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The "Medium Chill" - Enjoy life instead of striving to earn more money
Old 07-20-2011, 02:45 PM   #1
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The "Medium Chill" - Enjoy life instead of striving to earn more money

I wanted to share this neat article:

The medium chill | Grist

The Medium Chill - The whole point is to earn enough to enable you to enjoy life. Not exactly the same as working toward FIRE, but I am sure the sentiments in the article will resonate with many here.

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That's what consumer culture forever tells us: more money/stuff/status means fewer constraints, more freedom, more choices, thus more happiness. The entire economy runs on spending and debt, and for that to work everyone needs to think they're not happy but could be happy if they just had more sh*t or a better job or a better house. Every "consumer" needs to be running on the treadmill, working toward the next thing.
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Old 07-20-2011, 02:56 PM   #2
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Whoa-- work/life balance? I mean, life/work balance? Can we do that?!?

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Consider: Why do we always remember our childhood friends? Why do so many people look back on college with fondness? Why are so many married couples nostalgic for those hardscrabble early years, with the crappy jobs and tiny apartment and borrowed baby clothes? It's because, while those environments were materially constrained (we had fewer choices), they yielded powerful relationships. We made the best of what we had, which is an intense psychosocial process that leads to deep bonds and enduring memories.
I think I remember those days (not necessarily with "fondness") because we succeeded at elevating our economic circumstances above those times and no longer have to contemplate living that way again.

Otherwise I'd be typing this from a 15x15 dorm room or a tiny apartment...
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Old 07-20-2011, 03:51 PM   #3
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Good article that pretty much sums up my philosophy of life up until age 40 or so. Boy, was that a mistake.

Articles like this always equate more money with more stuff. The better use of more money is to create more time and more dignity--the dignity that comes from not being a rat.

$200,000 earners feel middle-class because ... they're still w*rking.

And if you really think you've found that perfect little j*b, just wait a few months.
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Old 07-20-2011, 05:04 PM   #4
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Originally Posted by FUEGO View Post
I wanted to share this neat article:

The medium chill | Grist
I do think it's interesting, and I see the commonality between the ratcheting down of consumer appetites discussed in the article, and the LBYM strategy so often discussed here. However, I find something peculiar about the concentration on happiness as the be-all and end-all of human existence.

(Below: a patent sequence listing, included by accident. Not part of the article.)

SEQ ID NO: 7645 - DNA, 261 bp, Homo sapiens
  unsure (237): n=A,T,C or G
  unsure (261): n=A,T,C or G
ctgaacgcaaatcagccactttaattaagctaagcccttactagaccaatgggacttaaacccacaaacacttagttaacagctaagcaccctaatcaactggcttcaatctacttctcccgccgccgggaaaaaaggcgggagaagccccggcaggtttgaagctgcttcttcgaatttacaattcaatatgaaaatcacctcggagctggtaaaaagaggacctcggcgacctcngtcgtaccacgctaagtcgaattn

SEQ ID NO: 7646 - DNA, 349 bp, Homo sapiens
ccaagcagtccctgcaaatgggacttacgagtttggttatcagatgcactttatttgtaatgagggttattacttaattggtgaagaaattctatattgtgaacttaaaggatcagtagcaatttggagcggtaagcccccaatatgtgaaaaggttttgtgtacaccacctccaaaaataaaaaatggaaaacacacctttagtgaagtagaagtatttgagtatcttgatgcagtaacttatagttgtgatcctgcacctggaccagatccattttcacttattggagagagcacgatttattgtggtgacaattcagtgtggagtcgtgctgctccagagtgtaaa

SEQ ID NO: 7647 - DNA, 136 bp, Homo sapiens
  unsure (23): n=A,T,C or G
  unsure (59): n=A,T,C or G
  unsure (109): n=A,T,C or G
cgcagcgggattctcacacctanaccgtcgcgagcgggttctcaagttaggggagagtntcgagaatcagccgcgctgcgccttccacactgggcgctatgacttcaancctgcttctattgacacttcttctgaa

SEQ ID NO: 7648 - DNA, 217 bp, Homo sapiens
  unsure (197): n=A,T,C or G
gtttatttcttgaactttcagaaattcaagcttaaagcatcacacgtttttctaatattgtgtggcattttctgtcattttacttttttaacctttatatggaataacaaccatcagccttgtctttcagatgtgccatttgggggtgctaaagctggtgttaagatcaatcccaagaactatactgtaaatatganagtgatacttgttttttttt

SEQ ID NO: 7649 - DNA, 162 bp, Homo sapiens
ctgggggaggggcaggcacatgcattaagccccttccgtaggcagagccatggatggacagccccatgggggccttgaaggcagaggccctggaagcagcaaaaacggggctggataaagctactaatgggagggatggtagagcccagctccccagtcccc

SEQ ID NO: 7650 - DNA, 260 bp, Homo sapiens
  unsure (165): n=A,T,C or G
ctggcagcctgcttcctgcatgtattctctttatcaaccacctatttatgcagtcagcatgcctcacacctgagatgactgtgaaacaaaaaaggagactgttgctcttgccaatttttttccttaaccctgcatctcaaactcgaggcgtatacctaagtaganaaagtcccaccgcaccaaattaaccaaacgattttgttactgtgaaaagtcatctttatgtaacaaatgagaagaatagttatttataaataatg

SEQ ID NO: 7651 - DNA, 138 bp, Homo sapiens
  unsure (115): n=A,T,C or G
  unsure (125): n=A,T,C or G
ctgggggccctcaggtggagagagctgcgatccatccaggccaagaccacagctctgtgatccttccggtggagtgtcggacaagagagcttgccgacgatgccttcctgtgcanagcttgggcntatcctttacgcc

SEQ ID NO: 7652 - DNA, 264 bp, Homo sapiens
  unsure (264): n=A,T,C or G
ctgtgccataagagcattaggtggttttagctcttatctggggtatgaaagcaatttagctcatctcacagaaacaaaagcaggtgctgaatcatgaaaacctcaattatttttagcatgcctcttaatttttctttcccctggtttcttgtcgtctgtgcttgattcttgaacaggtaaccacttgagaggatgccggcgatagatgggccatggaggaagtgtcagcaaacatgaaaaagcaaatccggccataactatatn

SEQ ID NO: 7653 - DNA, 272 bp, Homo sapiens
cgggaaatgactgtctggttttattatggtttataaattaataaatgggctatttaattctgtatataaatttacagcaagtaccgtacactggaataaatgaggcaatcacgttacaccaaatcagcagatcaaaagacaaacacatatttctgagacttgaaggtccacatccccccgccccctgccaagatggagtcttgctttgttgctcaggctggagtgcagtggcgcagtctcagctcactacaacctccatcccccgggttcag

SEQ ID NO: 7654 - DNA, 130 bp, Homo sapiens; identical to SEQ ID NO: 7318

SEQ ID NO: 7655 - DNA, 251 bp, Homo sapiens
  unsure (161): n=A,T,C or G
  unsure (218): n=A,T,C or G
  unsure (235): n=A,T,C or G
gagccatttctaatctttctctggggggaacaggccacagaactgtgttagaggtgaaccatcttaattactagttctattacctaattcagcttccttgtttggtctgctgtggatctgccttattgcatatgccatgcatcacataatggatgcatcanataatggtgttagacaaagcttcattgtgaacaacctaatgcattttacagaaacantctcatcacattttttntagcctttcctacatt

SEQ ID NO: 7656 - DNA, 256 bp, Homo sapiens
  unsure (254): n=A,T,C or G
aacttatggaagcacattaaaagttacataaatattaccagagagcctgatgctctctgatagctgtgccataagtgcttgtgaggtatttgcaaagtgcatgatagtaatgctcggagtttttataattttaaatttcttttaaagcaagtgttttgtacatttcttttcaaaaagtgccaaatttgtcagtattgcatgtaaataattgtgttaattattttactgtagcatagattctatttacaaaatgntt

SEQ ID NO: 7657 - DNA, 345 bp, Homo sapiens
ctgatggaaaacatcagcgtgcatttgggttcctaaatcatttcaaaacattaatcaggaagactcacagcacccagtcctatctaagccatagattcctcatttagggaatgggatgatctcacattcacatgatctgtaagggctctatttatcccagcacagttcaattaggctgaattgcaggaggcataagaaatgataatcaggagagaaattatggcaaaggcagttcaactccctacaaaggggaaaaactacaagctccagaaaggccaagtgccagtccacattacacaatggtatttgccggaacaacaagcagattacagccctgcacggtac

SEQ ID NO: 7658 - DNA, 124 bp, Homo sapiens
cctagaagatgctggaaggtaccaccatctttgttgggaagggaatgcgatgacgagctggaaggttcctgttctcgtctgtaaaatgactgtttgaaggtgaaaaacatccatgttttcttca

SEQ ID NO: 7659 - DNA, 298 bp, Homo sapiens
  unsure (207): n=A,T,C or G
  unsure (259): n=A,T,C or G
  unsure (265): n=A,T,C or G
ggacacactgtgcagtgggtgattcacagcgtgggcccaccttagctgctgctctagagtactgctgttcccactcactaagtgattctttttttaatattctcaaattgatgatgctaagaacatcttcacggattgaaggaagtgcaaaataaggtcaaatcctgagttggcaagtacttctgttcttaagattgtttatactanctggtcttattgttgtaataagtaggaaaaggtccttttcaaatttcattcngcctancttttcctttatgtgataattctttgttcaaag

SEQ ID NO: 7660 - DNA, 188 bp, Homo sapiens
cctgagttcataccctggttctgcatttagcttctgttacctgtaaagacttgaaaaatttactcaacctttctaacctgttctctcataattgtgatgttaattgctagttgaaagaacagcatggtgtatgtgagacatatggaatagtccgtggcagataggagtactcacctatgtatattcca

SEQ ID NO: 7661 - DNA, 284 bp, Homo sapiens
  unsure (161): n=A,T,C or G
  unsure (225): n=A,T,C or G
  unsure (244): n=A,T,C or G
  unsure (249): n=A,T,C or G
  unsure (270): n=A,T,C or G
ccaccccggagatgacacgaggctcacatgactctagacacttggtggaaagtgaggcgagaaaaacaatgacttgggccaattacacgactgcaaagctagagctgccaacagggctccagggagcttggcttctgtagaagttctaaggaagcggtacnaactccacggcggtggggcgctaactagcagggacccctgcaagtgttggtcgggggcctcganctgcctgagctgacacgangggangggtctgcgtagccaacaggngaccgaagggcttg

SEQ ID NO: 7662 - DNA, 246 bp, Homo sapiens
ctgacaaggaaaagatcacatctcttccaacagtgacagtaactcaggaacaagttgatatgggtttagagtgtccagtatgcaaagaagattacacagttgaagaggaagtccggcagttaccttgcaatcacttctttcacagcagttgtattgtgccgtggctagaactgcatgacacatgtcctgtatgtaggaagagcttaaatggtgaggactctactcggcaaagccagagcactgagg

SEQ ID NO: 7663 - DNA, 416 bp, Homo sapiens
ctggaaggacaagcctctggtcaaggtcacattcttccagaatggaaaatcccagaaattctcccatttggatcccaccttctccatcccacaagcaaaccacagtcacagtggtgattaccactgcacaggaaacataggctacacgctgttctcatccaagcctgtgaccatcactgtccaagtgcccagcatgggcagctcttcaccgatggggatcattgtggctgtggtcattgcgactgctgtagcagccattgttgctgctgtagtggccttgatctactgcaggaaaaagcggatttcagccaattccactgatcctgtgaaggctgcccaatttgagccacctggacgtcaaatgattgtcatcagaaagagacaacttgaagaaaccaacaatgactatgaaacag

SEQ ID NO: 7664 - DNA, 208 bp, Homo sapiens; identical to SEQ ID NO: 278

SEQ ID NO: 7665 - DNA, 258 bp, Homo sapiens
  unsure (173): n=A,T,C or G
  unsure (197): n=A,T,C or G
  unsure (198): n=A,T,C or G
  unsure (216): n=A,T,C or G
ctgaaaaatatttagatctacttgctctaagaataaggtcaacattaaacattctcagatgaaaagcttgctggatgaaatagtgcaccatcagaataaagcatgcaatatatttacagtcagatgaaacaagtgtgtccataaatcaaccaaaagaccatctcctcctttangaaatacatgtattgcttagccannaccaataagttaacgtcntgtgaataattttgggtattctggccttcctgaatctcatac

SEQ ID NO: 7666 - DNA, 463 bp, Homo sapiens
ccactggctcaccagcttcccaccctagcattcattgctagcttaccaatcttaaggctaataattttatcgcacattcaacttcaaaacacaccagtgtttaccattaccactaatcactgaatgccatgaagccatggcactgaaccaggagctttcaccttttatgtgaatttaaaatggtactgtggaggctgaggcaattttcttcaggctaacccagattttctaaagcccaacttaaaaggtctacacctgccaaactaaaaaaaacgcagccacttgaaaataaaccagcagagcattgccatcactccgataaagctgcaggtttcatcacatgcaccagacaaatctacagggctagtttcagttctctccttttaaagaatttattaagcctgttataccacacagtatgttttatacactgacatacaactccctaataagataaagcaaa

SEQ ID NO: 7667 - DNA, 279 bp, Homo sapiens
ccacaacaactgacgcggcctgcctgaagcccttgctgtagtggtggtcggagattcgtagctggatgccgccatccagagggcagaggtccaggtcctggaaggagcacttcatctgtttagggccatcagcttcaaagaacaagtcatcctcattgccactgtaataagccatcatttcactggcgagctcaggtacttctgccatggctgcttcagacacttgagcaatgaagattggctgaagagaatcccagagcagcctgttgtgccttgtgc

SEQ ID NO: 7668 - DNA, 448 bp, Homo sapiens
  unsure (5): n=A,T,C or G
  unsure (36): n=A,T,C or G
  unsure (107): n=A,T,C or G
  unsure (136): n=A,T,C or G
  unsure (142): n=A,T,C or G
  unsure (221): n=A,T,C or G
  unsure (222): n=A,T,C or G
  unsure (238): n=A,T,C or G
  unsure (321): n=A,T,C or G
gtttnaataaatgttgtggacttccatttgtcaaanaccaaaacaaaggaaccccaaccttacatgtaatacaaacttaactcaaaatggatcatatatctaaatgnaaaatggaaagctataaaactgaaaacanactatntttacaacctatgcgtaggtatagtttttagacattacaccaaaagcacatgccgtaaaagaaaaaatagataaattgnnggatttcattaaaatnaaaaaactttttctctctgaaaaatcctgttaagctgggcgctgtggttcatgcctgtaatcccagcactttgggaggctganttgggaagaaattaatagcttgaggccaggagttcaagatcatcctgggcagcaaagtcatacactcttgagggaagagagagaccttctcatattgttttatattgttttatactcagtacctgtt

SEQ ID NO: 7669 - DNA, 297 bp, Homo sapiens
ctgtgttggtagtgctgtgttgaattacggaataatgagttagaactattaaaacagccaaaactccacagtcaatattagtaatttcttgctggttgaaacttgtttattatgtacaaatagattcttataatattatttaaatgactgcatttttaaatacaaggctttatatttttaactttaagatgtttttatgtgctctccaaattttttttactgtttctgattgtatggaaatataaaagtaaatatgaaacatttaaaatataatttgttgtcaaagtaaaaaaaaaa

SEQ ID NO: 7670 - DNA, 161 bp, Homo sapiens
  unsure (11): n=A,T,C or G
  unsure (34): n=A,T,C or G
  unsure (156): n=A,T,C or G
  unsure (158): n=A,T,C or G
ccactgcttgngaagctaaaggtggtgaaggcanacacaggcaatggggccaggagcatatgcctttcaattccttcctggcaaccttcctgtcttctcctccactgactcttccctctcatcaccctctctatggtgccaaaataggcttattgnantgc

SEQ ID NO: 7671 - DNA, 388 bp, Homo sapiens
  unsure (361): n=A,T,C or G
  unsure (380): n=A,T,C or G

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Old 07-20-2011, 05:35 PM   #5
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I liked the article, but the term "medium chill" confuses me. I always thought the "big chill" referred to death.

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Old 07-20-2011, 05:54 PM   #6
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From the article,

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social connections are at the heart of wellbeing

It is proposed that life is more satisfying if we de-emphasize the material in favor of the social.

How about if we de-emphasize the material in favor of seeking inner peace and understanding of the universe and one's place in it? IMO these are more central to the heart of wellbeing than is socializing, at least for me.
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Old 07-20-2011, 06:01 PM   #7
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I always thought the "big chill" referred to death.
As far as the movie goes, I always took the title to mean the characters' estrangement after college.

BTW, it's my very favorite movie!
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Old 07-20-2011, 08:02 PM   #8
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Originally Posted by GregLee View Post
I do think it's interesting, and I see the commonality between the ratcheting down of consumer appetites discussed in the article, and the LBYM strategy so often discussed here. However, I find something peculiar about the concentration on happiness as the be-all and end-all of human existence.
I didn't think the article espouses the view that the sole purpose of human existence is to concentrate on happiness. Just that one will find happiness elusive if one is caught in a materialistic nuclear arms race, in essence trying to earn more and more and work more and more in order to "buy" more happiness (or more things that produce happiness).
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